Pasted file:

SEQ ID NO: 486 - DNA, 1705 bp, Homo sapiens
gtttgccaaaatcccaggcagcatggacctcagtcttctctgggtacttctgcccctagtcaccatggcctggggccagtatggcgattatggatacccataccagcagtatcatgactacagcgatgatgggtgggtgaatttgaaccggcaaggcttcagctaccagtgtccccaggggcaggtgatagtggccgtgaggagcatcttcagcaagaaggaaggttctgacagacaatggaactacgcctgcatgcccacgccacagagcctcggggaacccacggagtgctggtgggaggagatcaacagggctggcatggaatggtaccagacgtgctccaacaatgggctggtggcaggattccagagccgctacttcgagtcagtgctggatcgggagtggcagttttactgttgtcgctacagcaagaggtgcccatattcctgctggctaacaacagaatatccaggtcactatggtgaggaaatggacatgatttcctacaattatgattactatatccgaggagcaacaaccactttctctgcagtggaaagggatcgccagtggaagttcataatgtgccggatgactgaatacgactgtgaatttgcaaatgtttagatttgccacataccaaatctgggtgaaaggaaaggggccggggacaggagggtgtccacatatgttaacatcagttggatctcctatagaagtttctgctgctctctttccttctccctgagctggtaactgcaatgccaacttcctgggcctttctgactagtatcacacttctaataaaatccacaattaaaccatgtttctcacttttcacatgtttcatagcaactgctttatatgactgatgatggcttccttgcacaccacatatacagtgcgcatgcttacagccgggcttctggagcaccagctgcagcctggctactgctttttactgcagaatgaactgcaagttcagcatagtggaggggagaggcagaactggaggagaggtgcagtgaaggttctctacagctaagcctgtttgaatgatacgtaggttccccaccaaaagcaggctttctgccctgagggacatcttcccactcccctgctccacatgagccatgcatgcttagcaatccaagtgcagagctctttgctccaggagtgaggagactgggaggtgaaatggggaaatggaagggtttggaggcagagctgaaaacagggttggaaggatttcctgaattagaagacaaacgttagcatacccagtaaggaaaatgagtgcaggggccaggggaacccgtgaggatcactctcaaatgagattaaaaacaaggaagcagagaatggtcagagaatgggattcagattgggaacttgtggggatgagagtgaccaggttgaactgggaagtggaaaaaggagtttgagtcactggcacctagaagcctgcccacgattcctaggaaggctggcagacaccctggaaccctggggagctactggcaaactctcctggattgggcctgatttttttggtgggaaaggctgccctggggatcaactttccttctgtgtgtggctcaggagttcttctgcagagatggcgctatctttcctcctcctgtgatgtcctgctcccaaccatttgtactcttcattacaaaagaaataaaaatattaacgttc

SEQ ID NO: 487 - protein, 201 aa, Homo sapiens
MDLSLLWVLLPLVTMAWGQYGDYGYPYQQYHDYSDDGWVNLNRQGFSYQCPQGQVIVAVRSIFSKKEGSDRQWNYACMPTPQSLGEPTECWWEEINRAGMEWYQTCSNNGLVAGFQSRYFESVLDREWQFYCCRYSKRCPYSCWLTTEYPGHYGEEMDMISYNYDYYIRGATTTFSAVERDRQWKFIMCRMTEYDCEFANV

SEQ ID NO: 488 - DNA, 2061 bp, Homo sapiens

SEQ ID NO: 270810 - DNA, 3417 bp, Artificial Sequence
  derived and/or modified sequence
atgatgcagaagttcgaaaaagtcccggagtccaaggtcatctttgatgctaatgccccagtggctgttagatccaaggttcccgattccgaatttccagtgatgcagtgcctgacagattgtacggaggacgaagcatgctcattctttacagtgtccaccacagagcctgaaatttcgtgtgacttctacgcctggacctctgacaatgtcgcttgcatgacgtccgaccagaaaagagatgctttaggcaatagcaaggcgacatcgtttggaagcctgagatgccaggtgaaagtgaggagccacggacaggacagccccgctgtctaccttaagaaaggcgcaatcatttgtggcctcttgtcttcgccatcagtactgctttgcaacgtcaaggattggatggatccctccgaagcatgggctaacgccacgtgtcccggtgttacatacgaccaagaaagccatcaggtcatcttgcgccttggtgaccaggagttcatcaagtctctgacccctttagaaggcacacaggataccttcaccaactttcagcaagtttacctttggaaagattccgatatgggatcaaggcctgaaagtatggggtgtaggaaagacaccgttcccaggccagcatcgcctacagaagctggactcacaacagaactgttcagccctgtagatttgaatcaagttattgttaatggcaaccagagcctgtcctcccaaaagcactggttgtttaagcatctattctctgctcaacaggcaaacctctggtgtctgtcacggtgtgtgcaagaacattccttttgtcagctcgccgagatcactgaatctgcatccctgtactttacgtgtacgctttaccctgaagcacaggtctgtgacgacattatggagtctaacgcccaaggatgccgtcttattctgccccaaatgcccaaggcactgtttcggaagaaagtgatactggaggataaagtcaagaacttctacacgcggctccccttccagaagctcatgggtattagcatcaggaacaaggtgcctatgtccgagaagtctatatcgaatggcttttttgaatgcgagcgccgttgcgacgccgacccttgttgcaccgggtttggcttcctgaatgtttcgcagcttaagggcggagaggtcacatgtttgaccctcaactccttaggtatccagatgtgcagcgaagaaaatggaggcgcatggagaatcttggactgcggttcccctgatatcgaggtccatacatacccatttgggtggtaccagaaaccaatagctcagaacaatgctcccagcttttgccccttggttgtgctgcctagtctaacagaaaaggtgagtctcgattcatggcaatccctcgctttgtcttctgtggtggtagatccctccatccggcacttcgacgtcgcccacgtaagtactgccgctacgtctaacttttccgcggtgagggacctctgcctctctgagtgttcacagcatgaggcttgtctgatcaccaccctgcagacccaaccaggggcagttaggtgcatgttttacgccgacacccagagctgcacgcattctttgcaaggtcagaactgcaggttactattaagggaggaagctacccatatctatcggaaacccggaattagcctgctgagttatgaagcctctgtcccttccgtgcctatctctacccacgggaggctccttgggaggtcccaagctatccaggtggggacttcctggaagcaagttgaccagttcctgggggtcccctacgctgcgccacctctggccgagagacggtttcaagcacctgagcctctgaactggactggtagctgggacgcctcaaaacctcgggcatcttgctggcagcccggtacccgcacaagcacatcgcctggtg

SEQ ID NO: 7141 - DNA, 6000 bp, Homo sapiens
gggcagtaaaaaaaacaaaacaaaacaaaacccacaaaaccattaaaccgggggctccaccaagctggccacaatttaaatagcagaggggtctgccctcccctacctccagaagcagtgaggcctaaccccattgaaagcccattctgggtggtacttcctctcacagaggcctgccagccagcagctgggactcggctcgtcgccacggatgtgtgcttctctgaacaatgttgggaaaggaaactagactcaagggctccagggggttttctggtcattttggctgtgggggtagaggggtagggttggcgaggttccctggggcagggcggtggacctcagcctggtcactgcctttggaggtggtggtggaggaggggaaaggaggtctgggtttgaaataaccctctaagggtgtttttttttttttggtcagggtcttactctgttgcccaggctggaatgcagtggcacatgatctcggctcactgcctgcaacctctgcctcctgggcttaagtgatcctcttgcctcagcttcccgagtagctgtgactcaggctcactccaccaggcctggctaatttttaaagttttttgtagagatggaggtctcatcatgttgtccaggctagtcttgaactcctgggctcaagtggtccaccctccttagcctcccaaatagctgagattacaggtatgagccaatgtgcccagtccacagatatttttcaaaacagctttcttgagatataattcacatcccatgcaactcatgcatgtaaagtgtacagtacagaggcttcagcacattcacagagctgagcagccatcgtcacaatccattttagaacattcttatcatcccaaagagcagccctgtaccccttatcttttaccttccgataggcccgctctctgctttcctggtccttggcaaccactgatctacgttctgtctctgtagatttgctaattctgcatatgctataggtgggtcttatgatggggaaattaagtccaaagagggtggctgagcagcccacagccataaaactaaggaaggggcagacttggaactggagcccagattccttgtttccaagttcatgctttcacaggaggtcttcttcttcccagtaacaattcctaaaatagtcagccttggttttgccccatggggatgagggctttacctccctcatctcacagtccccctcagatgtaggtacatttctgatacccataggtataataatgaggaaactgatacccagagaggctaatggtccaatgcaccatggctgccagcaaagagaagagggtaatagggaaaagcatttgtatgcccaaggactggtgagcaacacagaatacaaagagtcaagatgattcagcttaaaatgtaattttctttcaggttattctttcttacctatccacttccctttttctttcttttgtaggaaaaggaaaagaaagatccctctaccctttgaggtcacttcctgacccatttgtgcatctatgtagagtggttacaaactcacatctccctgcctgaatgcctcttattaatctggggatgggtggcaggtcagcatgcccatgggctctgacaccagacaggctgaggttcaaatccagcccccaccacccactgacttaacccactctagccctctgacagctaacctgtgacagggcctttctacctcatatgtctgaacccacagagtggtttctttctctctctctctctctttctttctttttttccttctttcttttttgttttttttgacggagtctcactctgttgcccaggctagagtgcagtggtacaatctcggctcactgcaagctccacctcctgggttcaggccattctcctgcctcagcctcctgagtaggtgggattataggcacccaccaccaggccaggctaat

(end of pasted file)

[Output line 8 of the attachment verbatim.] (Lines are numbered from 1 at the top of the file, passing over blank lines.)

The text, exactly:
atgatgcagaagttcgaaaaagtcccggagtccaaggtcatctttgatgctaatgccccagtggctgttagatccaaggttcccgattccgaatttccagtgatgcagtgcctgacagattgtacggaggacgaagcatgctcattctttacagtgtccaccacagagcctgaaatttcgtgtgacttctacgcctggacctctgacaatgtcgcttgcatgacgtccgaccagaaaagagatgctttaggcaatagcaaggcgacatcgtttggaagcctgagatgccaggtgaaagtgaggagccacggacaggacagccccgctgtctaccttaagaaaggcgcaatcatttgtggcctcttgtcttcgccatcagtactgctttgcaacgtcaaggattggatggatccctccgaagcatgggctaacgccacgtgtcccggtgttacatacgaccaagaaagccatcaggtcatcttgcgccttggtgaccaggagttcatcaagtctctgacccctttagaaggcacacaggataccttcaccaactttcagcaagtttacctttggaaagattccgatatgggatcaaggcctgaaagtatggggtgtaggaaagacaccgttcccaggccagcatcgcctacagaagctggactcacaacagaactgttcagccctgtagatttgaatcaagttattgttaatggcaaccagagcctgtcctcccaaaagcactggttgtttaagcatctattctctgctcaacaggcaaacctctggtgtctgtcacggtgtgtgcaagaacattccttttgtcagctcgccgagatcactgaatctgcatccctgtactttacgtgtacgctttaccctgaagcacaggtctgtgacgacattatggagtctaacgcccaaggatgccgtcttattctgccccaaatgcccaaggcactgtttcggaagaaagtgatactggaggataaagtcaagaacttctacacgcggctccccttccagaagctcatgggtattagcatcaggaacaaggtgcctatgtccgagaagtctatatcgaatggcttttttgaatgcgagcgccgttgcgacgccgacccttgttgcaccgggtttggcttcctgaatgtttcgcagcttaagggcggagaggtcacatgtttgaccctcaactccttaggtatccagatgtgcagcgaagaaaatggaggcgcatggagaatcttggactgcggttcccctgatatcgaggtccatacatacccatttgggtggtaccagaaaccaatagctcagaacaatgctcccagcttttgccccttggttgtgctgcctagtctaacagaaaaggtgagtctcgattcatggcaatccctcgctttgtcttctgtggtggtagatccctccatccggcacttcgacgtcgcccacgtaagtactgccgctacgtctaacttttccgcggtgagggacctctgcctctctgagtgttcacagcatgaggcttgtctgatcaccaccctgcagacccaaccaggggcagttaggtgcatgttttacgccgacacccagagctgcacgcattctttgcaaggtcagaactgcaggttactattaagggaggaagctacccatatctatcggaaacccggaattagcctgctgagttatgaagcctctgtcccttccgtgcctatctctacccacgggaggctccttgggaggtcccaagctatccaggtggggacttcctggaagcaagttgaccagttcctgggggtcccctacgctgcgccacctctggccgagagacggtttcaagcacctgagcctctgaactggactggtagctgggacgcctcaaaacctcgggcatcttgctggcagcccggtacccgcacaagcacatcgcctggtg